January 1, 2022 not only marked the beginning of a new year, but also the 158th anniversary of the Emancipation Proclamation, enacted in 1863.
When the Proclamation was issued, the states were in the midst of the bloody American Civil War. The Civil War, lasting from April 12, 1861, to April 9, 1865, was fought on the grounds of slavery, and whether it should be legal in America. The abolitionist Northern states comprised the Union, while the pro-slavery Southern states formed the Confederacy.
After a year of grueling war that showed no sign of stopping soon, President Abraham Lincoln declared on September 22, 1862, that if the Civil War didn’t end by January 1, 1863, “all persons held as slaves” in the Southern rebellious states “shall be free.”
The Proclamation tied the issue of slavery directly to the Civil War but, as said by Dr. Farrish, was a “military strategy as well,” since it allowed Black Americans to fight as soldiers. By the end of the war, almost 179,000 Black Americans had enlisted in the Union and an additional 7,000+ held officer positions.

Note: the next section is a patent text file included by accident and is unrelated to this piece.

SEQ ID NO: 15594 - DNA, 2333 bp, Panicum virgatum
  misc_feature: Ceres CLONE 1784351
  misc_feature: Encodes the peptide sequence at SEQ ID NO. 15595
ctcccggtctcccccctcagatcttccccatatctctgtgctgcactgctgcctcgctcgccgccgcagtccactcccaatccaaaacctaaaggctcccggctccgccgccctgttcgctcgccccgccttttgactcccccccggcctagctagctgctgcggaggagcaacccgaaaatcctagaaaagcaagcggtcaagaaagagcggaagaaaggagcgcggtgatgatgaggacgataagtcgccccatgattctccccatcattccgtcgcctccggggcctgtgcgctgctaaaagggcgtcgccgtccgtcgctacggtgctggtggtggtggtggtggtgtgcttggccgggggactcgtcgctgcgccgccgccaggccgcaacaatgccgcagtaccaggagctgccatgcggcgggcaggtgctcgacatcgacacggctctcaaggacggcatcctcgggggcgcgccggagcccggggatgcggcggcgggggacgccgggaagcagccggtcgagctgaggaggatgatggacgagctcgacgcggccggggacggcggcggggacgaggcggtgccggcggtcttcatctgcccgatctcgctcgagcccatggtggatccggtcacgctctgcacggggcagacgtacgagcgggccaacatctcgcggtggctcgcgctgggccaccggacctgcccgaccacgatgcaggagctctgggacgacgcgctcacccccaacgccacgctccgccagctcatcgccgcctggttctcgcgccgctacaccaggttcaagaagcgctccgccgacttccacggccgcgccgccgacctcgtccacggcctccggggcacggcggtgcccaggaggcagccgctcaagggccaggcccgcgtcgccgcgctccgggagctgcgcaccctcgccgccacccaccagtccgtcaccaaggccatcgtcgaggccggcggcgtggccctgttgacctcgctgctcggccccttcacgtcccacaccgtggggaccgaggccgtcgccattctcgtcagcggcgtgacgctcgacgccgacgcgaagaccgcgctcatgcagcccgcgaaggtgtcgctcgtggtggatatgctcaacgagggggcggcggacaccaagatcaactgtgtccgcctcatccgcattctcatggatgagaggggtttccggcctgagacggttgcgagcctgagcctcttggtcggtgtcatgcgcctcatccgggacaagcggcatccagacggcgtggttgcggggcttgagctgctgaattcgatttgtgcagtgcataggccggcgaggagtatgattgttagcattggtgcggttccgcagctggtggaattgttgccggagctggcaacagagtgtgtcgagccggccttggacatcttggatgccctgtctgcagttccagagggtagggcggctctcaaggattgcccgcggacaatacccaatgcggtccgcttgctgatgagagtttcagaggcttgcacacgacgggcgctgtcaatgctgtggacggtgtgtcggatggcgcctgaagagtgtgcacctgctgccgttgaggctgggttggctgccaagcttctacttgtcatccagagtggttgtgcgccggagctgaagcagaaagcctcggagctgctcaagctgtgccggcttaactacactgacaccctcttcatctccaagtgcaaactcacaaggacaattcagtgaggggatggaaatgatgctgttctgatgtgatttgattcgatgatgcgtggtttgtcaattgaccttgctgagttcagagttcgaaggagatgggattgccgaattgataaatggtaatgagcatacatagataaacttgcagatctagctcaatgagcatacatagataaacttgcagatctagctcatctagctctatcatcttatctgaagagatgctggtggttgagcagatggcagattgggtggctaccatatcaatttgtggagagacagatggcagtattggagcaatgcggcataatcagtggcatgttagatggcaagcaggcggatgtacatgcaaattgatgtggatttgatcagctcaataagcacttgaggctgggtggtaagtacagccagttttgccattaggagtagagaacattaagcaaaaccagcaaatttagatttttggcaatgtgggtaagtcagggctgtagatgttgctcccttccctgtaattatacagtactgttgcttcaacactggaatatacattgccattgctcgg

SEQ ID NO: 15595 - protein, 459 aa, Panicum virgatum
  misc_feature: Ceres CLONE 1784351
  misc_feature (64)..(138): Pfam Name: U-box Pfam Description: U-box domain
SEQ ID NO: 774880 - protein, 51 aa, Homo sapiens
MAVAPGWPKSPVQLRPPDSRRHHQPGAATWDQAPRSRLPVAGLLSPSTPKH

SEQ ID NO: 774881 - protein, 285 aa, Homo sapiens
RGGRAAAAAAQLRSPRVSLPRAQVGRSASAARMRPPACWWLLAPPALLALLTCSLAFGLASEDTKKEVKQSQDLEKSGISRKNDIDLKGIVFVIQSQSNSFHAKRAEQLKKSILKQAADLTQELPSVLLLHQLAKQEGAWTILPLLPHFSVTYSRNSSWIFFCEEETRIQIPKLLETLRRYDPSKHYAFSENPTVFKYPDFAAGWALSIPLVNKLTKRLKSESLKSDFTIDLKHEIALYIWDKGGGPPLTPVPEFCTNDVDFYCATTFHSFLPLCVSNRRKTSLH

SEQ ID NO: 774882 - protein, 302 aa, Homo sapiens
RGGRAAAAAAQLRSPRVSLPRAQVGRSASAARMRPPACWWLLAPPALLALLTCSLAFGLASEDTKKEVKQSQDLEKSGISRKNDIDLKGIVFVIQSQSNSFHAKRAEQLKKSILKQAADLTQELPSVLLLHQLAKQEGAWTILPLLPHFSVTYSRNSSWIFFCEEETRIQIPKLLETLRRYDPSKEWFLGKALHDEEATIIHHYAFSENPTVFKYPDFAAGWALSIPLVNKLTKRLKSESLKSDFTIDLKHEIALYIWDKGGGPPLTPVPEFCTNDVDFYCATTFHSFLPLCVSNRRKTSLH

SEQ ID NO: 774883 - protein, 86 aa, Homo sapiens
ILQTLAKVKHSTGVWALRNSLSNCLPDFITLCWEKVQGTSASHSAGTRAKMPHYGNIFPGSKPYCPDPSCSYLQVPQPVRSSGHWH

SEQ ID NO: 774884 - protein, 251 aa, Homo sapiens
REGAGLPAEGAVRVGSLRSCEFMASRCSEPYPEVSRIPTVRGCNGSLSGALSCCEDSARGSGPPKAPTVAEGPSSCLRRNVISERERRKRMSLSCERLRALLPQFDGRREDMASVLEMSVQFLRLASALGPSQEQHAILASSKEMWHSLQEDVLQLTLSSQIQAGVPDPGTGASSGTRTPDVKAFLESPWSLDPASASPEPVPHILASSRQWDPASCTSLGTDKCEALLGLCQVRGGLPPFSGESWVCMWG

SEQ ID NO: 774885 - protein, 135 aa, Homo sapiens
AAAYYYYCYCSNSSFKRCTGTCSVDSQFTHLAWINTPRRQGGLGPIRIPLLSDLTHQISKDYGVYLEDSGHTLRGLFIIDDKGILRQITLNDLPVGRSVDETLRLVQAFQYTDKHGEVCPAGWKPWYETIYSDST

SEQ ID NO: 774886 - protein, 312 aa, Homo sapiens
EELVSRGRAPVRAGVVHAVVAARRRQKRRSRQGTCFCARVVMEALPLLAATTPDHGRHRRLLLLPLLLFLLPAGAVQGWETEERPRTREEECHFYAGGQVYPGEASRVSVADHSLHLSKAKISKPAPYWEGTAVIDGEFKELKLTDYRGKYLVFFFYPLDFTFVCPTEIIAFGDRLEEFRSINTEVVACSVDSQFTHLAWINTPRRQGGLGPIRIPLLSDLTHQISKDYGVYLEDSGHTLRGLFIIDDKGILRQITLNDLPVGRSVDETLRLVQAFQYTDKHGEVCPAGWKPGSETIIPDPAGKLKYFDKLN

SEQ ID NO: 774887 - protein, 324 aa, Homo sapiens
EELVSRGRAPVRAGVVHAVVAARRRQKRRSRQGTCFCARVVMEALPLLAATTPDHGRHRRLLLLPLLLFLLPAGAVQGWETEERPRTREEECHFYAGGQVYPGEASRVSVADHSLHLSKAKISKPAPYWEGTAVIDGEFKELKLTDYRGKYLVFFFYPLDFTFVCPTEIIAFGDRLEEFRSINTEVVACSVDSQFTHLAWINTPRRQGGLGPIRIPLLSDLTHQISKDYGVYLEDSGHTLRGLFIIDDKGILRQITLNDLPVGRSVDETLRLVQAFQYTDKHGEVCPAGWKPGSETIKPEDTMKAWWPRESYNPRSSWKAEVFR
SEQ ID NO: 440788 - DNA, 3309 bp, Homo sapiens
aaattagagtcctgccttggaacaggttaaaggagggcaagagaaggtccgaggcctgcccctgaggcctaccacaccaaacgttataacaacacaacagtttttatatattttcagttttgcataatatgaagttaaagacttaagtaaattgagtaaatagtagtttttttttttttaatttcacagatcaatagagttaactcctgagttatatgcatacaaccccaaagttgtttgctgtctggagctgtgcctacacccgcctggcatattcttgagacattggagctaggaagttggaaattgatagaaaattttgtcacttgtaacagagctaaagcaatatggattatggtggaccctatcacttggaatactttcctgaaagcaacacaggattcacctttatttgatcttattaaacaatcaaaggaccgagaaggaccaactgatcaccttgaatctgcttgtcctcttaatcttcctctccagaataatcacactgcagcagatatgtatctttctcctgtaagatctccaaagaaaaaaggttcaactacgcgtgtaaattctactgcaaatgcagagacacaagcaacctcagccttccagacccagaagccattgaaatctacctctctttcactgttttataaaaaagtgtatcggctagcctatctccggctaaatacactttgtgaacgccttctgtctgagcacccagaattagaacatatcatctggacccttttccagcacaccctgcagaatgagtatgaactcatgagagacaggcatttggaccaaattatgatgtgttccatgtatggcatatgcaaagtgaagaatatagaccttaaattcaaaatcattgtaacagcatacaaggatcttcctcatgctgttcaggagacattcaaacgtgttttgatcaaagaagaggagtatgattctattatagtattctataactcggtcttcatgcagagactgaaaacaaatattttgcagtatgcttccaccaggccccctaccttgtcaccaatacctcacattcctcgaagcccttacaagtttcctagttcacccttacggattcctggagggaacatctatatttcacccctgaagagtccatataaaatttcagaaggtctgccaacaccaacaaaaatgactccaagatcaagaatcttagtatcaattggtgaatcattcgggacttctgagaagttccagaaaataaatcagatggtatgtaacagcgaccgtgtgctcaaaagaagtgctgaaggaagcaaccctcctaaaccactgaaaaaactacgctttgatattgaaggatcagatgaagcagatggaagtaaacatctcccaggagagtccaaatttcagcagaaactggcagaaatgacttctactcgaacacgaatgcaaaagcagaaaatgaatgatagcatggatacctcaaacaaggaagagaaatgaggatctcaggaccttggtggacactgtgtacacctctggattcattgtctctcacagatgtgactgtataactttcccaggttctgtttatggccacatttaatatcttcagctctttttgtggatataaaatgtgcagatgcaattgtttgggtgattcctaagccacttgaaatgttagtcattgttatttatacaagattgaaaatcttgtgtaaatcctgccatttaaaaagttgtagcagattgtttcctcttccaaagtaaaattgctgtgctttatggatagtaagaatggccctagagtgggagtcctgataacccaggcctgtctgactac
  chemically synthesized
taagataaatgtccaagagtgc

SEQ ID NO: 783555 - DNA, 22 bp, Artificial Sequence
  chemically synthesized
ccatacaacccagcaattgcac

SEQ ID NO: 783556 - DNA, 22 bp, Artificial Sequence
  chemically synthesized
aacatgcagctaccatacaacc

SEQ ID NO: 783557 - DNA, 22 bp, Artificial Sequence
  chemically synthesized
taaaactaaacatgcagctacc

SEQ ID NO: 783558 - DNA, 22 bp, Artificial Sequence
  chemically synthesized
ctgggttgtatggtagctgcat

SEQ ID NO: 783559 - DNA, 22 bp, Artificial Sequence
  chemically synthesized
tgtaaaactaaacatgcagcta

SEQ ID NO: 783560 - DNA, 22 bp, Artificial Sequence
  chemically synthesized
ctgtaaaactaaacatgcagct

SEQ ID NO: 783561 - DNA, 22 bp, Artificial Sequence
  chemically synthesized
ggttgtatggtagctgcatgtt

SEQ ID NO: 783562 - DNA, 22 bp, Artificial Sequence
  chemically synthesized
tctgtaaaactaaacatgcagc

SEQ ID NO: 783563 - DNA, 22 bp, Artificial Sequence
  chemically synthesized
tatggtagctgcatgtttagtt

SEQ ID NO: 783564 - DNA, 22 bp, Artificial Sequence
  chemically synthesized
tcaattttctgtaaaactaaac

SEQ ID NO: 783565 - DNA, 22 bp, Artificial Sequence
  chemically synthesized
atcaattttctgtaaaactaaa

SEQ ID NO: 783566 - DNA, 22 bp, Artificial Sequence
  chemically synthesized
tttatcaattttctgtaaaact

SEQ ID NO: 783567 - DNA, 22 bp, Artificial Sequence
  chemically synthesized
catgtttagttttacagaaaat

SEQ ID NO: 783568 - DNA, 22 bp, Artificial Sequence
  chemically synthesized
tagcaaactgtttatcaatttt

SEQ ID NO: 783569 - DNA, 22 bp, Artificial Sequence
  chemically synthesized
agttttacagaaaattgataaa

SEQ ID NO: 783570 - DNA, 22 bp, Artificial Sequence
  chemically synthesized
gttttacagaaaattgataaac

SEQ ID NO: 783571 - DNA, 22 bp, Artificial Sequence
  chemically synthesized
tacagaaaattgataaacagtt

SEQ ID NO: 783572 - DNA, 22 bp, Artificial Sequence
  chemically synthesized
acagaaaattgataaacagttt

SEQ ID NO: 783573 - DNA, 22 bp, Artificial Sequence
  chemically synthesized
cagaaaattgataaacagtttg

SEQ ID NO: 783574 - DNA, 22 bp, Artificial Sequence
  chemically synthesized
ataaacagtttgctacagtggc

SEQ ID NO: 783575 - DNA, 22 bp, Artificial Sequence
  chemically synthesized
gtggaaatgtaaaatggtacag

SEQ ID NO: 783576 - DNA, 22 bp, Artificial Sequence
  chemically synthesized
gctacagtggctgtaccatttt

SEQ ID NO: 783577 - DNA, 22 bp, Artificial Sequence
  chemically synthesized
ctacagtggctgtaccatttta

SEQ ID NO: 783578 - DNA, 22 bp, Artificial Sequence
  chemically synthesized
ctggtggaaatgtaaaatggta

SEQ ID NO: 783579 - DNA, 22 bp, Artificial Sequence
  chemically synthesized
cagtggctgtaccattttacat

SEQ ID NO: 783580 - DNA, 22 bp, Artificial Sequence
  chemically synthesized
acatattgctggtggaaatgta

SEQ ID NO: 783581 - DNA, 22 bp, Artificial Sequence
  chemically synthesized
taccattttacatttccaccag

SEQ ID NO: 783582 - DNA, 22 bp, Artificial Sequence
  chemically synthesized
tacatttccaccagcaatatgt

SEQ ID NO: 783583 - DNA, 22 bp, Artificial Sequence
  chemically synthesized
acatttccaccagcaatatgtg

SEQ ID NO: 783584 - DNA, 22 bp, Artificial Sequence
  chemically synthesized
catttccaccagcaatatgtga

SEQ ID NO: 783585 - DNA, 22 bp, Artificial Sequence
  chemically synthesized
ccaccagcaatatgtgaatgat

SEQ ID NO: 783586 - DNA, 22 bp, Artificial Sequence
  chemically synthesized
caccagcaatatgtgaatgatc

“The Proclamation also motivated the enslaved to rise up [in the South]. If enslaved laborers were rising up, fleeing, fighting back, [the North] suddenly had an ally in the South that’s helping them win the war,” said Dr. Farrish.
Though the Emancipation Proclamation of 1862 was unable to completely and successfully grant freedom and equality to Black Americans in the South, it indicated the first step of progress. Until today, equal civil rights have not fully been provided, and the anniversary of the Emancipation Proclamation should serve as a reminder to continue pushing towards improvement.